Role of slavery in the formation of the Southern Baptist Church

This has been a sore point with some Baptists I’ve argued with in the past and I’m arguing with one today. When I point out that a church founded primarily over disagreements as to whether or not slavery was moral and should be legal really shouldn’t be that terribly sure that there church is always right on moral and ethical issues I’m often told that I don’t know what I’m talking about and that the SBC was founded for many reasons, slavery being but a minor one.

The story as I understand it (and one that seems to be corroborated by this Baptist website is, in a nutshell, this: In 1844 Baptists in several slaveholding states became irritated when the American Baptist Home Mission Society (the domestic missionary group) denied the rights of slave owners to serve as missionaries. This led to argument and debate among American Baptists with ministers and other Baptists on both sides of the Mason Dixon line voting for and against slavery as a just institution. Ultimately the southern (smaller case s) Baptists convened in Augusta, Georgia in 1845 and voted to break with the American Baptist church and the Southern (larger case s) Baptist Convention was born. The seceding pastors and congregations did have other changes besides (a bit more autonomy among churches, for instance, than in the north), but the driving force and primary bone of contention was whether slavery was Biblically justified.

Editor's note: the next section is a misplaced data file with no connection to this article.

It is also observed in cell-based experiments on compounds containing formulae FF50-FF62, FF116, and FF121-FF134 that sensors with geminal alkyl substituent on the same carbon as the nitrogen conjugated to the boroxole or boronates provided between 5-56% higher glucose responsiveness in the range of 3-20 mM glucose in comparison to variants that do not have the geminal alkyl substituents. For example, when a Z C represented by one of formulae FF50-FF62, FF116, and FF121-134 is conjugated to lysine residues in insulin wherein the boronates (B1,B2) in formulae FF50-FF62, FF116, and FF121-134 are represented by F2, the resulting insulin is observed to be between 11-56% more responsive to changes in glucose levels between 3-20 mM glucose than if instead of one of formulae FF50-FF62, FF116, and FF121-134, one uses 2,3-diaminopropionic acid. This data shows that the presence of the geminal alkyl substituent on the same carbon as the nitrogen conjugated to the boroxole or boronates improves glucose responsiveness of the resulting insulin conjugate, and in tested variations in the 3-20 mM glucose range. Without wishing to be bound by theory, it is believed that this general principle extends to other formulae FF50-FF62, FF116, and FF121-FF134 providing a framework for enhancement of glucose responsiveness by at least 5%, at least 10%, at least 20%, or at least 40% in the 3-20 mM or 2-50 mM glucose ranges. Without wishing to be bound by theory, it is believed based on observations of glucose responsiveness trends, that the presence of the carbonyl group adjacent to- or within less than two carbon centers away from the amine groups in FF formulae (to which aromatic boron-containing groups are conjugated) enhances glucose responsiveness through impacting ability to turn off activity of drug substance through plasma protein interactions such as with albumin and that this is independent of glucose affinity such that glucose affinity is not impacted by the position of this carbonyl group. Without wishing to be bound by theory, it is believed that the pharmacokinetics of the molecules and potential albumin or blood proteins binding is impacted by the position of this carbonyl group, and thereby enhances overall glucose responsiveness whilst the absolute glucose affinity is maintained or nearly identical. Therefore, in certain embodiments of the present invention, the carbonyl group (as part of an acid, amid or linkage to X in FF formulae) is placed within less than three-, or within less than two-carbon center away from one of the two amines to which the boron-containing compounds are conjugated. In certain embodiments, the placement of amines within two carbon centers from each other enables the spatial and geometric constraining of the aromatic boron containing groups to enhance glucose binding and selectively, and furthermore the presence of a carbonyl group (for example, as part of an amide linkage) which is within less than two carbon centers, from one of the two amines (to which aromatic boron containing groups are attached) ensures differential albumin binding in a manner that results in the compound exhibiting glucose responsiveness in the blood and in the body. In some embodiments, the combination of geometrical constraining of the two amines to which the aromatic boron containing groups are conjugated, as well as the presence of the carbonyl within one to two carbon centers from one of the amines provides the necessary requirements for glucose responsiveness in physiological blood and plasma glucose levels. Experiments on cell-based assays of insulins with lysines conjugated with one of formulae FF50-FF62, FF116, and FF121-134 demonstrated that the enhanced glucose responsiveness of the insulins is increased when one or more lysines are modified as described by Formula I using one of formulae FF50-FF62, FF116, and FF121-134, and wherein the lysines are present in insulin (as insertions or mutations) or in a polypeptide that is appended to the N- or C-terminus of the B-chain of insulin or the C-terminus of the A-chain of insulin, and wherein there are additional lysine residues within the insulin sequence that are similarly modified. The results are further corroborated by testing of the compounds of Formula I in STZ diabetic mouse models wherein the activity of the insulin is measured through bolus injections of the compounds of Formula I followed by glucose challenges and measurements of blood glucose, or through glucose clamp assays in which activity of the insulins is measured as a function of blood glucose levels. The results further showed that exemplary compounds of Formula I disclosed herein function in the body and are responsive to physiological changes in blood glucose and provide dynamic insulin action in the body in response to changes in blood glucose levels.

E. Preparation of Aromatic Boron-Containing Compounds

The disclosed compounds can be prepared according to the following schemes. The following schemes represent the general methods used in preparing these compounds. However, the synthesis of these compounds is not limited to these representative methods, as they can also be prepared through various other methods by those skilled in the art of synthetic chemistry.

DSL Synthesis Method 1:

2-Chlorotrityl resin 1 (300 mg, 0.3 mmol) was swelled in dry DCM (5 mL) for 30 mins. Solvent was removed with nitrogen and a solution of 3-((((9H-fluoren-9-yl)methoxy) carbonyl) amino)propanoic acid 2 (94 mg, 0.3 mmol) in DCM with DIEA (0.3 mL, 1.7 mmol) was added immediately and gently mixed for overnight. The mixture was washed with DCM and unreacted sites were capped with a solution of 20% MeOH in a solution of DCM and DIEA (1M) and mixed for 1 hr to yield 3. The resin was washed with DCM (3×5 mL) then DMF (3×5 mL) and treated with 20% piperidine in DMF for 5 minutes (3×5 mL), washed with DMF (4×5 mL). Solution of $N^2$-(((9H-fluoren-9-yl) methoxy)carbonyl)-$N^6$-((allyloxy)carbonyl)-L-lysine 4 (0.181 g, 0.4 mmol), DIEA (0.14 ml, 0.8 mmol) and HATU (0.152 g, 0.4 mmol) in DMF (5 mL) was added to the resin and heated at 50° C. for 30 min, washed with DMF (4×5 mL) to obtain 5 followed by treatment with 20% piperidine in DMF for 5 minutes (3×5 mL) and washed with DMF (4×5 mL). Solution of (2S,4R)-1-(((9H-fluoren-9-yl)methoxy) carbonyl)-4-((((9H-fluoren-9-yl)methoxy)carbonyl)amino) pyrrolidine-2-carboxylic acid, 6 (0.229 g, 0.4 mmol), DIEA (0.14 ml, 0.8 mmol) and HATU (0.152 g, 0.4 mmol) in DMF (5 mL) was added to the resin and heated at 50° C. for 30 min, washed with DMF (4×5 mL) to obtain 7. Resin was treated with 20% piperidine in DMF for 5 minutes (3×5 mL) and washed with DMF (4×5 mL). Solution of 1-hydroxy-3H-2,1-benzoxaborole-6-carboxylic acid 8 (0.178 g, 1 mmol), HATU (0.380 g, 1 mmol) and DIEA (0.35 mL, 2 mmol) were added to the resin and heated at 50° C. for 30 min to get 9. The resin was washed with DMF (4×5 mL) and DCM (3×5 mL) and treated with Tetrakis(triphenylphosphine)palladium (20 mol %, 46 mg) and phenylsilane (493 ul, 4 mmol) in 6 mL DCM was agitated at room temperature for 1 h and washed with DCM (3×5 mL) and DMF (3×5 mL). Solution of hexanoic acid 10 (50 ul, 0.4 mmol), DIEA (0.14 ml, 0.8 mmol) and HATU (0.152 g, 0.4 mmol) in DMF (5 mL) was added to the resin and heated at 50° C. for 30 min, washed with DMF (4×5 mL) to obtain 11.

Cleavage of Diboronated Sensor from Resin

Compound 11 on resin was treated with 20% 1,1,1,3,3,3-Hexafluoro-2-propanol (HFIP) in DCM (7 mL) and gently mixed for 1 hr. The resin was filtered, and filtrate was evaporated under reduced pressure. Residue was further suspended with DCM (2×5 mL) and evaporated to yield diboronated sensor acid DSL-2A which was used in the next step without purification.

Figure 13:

If this is incorrect or way too simple, I would be very appreciative to learn the truth of the matter. I am curious for a variety of reasons, but all of the research I have done seems to indicate the above version is, in abstract, what happened and that slavery was if not the only incentive then at least the major one.

The Presbyterian, Baptist, and Methodist churches in America all split into Northern and Southern churches over the issue of slavery around the time of the Civil War.